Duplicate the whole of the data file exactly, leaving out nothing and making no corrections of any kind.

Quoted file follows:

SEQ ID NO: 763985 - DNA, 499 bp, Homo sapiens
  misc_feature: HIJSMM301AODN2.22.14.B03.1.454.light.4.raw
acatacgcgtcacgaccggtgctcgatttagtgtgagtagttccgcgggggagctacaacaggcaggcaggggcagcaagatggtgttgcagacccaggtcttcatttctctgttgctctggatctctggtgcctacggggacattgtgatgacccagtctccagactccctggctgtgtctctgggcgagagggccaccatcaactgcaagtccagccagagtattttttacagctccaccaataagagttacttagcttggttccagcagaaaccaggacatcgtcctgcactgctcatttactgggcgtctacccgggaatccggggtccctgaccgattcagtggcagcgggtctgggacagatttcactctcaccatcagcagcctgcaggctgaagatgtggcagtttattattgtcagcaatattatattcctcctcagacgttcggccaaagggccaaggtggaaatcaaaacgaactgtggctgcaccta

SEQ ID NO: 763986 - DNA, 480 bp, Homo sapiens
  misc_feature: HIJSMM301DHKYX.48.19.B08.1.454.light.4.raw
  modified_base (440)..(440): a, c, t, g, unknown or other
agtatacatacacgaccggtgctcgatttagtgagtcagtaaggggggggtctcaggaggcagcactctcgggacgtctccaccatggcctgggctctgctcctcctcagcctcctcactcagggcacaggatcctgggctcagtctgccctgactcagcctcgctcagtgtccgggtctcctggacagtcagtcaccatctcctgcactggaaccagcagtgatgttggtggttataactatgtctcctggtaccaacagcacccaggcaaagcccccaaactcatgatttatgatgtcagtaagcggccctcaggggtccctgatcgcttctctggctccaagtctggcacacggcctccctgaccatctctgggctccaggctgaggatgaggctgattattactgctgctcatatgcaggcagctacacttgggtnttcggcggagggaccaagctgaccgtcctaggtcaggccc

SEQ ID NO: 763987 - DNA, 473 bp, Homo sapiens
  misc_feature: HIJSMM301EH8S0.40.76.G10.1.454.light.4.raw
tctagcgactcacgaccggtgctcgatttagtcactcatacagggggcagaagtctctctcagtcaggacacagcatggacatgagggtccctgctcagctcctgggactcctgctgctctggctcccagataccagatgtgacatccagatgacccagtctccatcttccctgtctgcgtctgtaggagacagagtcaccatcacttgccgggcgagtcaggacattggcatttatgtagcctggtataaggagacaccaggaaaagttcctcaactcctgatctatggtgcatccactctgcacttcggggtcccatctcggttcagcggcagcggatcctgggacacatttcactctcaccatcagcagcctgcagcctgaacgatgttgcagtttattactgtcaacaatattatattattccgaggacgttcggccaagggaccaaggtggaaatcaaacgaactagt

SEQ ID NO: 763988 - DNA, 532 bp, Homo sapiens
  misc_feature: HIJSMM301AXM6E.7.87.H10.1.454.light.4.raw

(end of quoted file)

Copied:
SEQ ID NO: 763985 - DNA, 499 bp, Homo sapiens
  misc_feature: HIJSMM301AODN2.22.14.B03.1.454.light.4.raw
acatacgcgtcacgaccggtgctcgatttagtgtgagtagttccgcgggggagctacaacaggcaggcaggggcagcaagatggtgttgcagacccaggtcttcatttctctgttgctctggatctctggtgcctacggggacattgtgatgacccagtctccagactccctggctgtgtctctgggcgagagggccaccatcaactgcaagtccagccagagtattttttacagctccaccaataagagttacttagcttggttccagcagaaaccaggacatcgtcctgcactgctcatttactgggcgtctacccgggaatccggggtccctgaccgattcagtggcagcgggtctgggacagatttcactctcaccatcagcagcctgcaggctgaagatgtggcagtttattattgtcagcaatattatattcctcctcagacgttcggccaaagggccaaggtggaaatcaaaacgaactgtggctgcaccta

SEQ ID NO: 763986 - DNA, 480 bp, Homo sapiens
  misc_feature: HIJSMM301DHKYX.48.19.B08.1.454.light.4.raw
  modified_base (440)..(440): a, c, t, g, unknown or other
agtatacatacacgaccggtgctcgatttagtgagtcagtaaggggggggtctcaggaggcagcactctcgggacgtctccaccatggcctgggctctgctcctcctcagcctcctcactcagggcacaggatcctgggctcagtctgccctgactcagcctcgctcagtgtccgggtctcctggacagtcagtcaccatctcctgcactggaaccagcagtgatgttggtggttataactatgtctcctggtaccaacagcacccaggcaaagcccccaaactcatgatttatgatgtcagtaagcggccctcaggggtccctgatcgcttctctggctccaagtctggcacacggcctccctgaccatctctgggctccaggctgaggatgaggctgattattactgctgctcatatgcaggcagctacacttgggtnttcggcggagggaccaagctgaccgtcctaggtcaggccc

SEQ ID NO: 763987 - DNA, 473 bp, Homo sapiens
  misc_feature: HIJSMM301EH8S0.40.76.G10.1.454.light.4.raw
tctagcgactcacgaccggtgctcgatttagtcactcatacagggggcagaagtctctctcagtcaggacacagcatggacatgagggtccctgctcagctcctgggactcctgctgctctggctcccagataccagatgtgacatccagatgacccagtctccatcttccctgtctgcgtctgtaggagacagagtcaccatcacttgccgggcgagtcaggacattggcatttatgtagcctggtataaggagacaccaggaaaagttcctcaactcctgatctatggtgcatccactctgcacttcggggtcccatctcggttcagcggcagcggatcctgggacacatttcactctcaccatcagcagcctgcagcctgaacgatgttgcagtttattactgtcaacaatattatattattccgaggacgttcggccaagggaccaaggtggaaatcaaacgaactagt

SEQ ID NO: 763988 - DNA, 532 bp, Homo sapiens
  misc_feature: HIJSMM301AXM6E.7.87.H10.1.454.light.4.raw